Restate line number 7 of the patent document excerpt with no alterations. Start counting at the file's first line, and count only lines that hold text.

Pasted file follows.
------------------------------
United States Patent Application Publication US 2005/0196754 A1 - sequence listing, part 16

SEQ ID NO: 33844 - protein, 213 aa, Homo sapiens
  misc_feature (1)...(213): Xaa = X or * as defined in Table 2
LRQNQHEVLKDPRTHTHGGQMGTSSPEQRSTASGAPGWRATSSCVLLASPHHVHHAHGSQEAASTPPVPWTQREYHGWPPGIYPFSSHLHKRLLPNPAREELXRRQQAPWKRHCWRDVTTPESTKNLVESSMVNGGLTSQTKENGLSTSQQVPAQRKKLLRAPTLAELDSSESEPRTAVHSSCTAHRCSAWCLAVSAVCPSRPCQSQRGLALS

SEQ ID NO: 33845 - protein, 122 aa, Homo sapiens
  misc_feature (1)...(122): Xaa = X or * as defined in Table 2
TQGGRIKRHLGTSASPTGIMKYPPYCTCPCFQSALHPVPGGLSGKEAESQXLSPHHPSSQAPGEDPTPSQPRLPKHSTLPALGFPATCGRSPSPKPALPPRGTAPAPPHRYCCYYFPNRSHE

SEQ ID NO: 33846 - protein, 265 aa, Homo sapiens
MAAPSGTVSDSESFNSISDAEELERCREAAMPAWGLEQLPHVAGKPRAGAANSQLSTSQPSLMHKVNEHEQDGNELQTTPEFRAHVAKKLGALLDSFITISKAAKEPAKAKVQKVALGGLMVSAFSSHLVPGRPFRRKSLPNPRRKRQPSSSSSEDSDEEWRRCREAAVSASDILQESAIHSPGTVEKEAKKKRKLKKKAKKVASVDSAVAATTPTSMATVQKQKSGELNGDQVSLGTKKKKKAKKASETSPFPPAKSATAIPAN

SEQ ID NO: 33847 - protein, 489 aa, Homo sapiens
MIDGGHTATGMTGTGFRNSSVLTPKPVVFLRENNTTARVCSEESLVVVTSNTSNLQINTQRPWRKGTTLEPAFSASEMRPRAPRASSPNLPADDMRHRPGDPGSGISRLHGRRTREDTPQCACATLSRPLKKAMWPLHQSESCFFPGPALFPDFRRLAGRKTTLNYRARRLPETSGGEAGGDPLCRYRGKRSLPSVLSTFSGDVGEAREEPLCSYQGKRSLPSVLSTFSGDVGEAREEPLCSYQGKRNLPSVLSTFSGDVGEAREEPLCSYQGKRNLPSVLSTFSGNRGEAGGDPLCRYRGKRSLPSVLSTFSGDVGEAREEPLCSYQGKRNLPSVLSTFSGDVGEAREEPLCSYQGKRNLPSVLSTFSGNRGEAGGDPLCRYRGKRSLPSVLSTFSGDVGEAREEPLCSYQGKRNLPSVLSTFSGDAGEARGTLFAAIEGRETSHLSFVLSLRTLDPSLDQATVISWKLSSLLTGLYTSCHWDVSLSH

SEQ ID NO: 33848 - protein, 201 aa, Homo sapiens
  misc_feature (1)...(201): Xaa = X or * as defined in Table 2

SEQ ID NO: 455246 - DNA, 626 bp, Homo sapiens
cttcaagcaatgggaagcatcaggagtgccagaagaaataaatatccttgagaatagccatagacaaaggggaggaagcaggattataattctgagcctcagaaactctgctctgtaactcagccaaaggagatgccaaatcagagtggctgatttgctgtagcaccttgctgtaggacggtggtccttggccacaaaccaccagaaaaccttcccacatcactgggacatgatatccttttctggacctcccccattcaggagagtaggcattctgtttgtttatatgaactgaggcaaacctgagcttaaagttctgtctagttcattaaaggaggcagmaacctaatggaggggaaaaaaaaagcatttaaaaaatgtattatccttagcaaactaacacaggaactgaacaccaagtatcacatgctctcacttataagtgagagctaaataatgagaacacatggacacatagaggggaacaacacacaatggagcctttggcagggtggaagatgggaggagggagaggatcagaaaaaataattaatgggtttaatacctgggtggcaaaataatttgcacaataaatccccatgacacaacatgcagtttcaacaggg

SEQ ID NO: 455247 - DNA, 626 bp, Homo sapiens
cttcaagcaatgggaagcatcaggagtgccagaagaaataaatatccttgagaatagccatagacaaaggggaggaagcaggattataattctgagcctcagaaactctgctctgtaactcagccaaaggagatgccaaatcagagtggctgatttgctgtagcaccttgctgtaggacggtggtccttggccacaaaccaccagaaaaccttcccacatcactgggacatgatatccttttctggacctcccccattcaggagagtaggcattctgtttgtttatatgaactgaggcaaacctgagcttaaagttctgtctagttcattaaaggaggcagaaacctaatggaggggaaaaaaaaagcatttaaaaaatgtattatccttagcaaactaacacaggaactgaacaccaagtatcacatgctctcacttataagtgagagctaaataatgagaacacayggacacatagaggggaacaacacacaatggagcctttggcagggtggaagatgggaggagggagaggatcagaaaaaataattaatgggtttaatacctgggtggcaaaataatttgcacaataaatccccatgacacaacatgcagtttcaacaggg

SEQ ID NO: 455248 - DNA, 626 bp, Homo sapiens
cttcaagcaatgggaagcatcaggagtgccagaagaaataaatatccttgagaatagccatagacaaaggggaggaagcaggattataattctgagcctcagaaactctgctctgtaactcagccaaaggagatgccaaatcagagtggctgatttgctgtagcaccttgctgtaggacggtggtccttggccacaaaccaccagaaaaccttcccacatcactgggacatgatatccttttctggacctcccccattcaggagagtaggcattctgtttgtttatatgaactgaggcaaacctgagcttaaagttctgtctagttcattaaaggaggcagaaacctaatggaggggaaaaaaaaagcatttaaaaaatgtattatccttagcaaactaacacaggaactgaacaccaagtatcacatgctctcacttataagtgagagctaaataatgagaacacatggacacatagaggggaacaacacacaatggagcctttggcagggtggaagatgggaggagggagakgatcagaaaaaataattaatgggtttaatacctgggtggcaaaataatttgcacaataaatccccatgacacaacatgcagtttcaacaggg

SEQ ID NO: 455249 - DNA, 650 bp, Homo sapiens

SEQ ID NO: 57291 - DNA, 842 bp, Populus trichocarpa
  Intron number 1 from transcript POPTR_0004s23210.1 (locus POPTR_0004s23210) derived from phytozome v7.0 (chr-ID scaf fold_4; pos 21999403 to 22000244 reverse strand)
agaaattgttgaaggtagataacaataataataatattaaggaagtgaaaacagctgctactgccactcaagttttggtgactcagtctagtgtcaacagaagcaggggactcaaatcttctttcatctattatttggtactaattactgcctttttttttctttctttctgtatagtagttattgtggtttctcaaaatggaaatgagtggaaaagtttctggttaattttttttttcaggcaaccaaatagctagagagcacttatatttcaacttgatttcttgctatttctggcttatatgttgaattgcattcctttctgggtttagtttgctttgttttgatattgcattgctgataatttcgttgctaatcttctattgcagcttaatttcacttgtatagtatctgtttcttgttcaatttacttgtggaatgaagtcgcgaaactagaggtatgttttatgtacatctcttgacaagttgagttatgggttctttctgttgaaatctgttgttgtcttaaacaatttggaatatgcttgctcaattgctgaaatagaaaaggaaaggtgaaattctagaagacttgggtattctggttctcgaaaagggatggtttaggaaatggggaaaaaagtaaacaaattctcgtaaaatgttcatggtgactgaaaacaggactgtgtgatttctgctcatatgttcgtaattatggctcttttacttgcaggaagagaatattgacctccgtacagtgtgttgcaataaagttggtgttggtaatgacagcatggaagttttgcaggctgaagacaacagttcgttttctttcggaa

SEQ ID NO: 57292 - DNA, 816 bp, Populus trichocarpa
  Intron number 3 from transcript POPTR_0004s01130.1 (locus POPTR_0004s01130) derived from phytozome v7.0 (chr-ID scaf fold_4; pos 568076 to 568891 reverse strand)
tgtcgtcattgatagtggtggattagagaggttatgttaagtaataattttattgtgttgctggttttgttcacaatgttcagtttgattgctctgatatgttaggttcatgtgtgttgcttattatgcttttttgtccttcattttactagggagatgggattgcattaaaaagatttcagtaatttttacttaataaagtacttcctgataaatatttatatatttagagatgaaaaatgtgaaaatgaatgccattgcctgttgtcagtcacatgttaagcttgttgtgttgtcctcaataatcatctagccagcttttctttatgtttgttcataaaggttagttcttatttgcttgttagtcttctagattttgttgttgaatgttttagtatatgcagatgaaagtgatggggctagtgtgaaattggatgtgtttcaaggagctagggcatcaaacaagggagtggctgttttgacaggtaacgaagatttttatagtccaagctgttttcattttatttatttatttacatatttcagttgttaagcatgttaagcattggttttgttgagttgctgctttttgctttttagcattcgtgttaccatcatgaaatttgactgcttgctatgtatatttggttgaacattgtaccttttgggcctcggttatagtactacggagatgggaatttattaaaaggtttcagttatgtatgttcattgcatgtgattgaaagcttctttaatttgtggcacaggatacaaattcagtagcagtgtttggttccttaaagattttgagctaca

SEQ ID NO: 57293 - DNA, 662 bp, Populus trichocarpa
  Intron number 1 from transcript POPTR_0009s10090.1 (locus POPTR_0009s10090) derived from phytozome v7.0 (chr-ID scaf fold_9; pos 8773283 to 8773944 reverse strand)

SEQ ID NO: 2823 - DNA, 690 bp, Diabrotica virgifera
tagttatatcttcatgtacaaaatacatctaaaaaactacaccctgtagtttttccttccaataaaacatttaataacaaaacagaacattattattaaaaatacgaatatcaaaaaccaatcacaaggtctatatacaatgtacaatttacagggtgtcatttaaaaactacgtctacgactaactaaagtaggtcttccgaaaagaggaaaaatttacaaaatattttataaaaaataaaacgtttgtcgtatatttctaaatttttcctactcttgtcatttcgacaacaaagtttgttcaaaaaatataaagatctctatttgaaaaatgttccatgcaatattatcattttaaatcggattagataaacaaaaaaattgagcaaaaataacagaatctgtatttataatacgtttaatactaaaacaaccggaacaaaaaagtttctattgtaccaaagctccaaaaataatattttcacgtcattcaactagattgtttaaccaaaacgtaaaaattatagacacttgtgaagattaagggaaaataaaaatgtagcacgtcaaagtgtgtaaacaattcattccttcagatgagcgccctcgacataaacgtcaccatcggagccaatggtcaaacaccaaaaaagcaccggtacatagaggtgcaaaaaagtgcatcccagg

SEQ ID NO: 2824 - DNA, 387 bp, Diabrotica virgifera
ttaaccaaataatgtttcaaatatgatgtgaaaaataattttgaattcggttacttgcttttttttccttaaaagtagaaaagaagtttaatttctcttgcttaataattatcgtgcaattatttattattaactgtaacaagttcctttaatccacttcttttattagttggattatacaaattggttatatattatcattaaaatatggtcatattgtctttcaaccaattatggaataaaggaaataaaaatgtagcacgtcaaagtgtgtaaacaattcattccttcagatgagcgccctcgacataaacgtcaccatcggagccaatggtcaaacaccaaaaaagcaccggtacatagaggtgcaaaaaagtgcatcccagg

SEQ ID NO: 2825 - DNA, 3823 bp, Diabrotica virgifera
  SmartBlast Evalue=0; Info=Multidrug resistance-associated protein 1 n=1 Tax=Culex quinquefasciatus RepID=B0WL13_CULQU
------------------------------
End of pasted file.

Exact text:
TQGGRIKRHLGTSASPTGIMKYPPYCTCPCFQSALHPVPGGLSGKEAESQXLSPHHPSSQAPGEDPTPSQPRLPKHSTLPALGFPATCGRSPSPKPALPPRGTAPAPPHRYCCYYFPNRSHE